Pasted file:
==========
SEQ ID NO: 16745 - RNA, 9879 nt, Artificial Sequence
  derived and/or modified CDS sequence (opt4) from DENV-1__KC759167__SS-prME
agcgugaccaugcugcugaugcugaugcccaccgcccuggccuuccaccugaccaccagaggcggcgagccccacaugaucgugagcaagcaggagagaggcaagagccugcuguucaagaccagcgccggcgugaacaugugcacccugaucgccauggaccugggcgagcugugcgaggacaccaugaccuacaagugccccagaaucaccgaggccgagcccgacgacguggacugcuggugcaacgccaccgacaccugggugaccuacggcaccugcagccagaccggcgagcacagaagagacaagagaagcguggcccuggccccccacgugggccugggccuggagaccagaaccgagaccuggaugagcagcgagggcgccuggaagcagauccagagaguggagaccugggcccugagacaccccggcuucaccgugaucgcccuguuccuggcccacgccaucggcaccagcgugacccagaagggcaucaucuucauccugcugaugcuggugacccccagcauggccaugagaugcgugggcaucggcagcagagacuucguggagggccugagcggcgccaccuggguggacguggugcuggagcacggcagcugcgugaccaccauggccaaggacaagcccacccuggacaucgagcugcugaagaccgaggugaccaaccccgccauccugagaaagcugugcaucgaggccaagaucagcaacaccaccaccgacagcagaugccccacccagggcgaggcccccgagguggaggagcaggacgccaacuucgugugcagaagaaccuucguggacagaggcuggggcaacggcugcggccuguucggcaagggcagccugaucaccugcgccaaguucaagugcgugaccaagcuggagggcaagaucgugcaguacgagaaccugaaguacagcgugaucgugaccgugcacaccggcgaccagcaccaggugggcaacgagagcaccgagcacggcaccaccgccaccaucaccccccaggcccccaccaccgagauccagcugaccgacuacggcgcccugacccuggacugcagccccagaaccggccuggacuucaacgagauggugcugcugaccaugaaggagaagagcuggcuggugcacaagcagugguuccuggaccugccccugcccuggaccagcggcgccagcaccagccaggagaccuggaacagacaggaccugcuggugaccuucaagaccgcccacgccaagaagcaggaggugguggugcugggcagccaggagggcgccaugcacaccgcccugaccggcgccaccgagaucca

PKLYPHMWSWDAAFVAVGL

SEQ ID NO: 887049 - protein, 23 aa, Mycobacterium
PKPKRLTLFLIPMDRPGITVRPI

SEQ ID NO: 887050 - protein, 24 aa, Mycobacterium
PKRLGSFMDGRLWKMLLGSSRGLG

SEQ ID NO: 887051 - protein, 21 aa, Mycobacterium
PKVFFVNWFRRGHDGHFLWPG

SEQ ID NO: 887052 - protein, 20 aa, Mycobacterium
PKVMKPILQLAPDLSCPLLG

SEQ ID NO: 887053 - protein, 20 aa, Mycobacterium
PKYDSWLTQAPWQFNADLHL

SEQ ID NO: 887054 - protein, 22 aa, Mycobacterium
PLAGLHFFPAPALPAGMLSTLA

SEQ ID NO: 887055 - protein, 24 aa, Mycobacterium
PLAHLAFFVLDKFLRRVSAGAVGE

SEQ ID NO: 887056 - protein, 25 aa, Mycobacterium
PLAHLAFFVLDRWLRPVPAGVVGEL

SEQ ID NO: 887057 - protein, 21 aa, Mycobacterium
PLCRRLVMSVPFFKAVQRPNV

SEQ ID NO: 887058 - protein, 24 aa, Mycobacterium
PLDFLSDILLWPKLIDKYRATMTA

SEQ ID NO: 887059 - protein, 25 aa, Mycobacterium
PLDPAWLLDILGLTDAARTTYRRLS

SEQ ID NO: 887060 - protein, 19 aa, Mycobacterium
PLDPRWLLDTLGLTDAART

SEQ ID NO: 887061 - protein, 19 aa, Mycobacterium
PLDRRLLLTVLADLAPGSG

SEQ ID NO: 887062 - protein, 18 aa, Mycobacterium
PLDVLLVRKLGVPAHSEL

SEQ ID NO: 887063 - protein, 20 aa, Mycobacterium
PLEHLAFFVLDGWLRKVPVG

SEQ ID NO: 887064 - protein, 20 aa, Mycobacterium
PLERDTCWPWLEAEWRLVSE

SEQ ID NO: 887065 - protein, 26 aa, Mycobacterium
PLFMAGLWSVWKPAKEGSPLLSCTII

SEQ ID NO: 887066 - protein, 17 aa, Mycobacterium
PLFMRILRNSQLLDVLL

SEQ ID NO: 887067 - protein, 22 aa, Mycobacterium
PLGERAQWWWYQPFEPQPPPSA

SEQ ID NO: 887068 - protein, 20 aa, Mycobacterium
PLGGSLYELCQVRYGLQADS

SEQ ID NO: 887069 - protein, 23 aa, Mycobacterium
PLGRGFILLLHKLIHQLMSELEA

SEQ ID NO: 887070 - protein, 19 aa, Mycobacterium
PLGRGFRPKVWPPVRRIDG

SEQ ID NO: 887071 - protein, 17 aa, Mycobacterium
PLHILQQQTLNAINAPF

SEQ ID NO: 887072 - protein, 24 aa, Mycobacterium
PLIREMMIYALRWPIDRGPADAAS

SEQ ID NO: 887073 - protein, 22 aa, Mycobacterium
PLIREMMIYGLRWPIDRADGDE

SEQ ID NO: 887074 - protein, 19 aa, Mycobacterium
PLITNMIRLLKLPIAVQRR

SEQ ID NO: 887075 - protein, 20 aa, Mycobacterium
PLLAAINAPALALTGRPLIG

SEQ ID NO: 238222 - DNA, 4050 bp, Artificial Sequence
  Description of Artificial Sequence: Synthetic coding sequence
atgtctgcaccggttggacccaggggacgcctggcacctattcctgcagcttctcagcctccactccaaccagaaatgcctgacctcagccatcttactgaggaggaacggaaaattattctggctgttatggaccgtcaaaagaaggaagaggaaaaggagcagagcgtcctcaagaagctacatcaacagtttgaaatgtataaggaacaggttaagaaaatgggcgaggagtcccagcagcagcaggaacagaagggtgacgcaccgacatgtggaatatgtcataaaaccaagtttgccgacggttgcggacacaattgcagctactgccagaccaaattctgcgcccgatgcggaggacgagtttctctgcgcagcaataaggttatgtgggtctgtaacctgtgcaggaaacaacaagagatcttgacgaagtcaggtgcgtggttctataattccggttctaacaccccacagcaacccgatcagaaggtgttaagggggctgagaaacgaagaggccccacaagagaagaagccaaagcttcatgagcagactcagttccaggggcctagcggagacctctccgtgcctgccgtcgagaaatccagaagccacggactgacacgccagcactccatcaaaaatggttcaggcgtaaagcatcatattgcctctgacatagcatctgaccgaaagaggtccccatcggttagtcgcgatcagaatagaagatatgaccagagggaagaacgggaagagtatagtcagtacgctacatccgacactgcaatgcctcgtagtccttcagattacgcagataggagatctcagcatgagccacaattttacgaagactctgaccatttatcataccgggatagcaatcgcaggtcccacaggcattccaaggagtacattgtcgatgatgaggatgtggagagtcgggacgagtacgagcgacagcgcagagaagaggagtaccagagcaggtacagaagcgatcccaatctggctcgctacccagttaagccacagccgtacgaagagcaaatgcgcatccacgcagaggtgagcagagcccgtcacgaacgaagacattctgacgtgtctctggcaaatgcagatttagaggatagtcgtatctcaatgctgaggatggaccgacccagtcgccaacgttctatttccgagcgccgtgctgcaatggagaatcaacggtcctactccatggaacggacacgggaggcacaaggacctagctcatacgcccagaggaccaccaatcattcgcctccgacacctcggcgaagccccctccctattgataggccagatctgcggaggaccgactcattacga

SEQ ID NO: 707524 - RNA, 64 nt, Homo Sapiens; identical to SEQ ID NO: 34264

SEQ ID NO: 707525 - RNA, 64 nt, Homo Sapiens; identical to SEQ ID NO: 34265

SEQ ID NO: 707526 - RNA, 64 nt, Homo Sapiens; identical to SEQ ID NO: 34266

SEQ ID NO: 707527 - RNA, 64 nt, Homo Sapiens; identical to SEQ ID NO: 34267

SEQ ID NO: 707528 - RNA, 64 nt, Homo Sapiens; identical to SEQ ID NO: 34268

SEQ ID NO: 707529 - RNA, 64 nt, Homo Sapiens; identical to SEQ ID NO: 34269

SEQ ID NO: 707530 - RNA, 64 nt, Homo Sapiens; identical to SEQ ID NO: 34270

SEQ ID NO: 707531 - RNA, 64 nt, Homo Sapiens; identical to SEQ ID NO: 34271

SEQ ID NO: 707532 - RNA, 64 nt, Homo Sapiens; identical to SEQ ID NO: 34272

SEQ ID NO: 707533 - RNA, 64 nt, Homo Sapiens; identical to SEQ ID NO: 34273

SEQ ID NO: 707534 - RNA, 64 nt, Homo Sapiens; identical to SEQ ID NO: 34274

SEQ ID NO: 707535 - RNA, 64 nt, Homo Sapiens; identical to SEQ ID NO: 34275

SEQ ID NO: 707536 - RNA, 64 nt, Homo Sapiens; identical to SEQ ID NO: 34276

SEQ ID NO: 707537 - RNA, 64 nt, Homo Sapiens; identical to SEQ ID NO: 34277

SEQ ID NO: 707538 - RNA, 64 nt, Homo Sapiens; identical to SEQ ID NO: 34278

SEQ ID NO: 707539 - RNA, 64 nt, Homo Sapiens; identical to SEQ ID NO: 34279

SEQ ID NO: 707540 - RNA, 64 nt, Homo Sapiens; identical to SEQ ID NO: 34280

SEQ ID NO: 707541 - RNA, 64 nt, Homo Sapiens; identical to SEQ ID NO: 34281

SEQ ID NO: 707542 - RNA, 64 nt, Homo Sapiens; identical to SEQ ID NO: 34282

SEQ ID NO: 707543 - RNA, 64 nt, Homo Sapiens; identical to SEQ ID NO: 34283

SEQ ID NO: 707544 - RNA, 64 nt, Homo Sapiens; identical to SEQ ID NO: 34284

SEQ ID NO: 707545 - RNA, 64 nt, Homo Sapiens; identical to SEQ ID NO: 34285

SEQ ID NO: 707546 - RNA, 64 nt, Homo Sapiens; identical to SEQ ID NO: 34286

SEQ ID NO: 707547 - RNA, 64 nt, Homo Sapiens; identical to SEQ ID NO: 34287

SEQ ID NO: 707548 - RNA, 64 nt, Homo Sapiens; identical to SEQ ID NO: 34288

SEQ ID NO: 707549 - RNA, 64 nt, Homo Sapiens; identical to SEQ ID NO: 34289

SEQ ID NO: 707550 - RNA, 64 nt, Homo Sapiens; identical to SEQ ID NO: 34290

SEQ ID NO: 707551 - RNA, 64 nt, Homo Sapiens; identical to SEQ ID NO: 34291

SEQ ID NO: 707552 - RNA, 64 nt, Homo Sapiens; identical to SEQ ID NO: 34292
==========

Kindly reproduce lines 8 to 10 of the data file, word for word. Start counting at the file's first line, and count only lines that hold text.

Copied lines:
PKRLGSFMDGRLWKMLLGSSRGLG

SEQ ID NO: 887051 - protein, 21 aa, Mycobacterium
PKVFFVNWFRRGHDGHFLWPG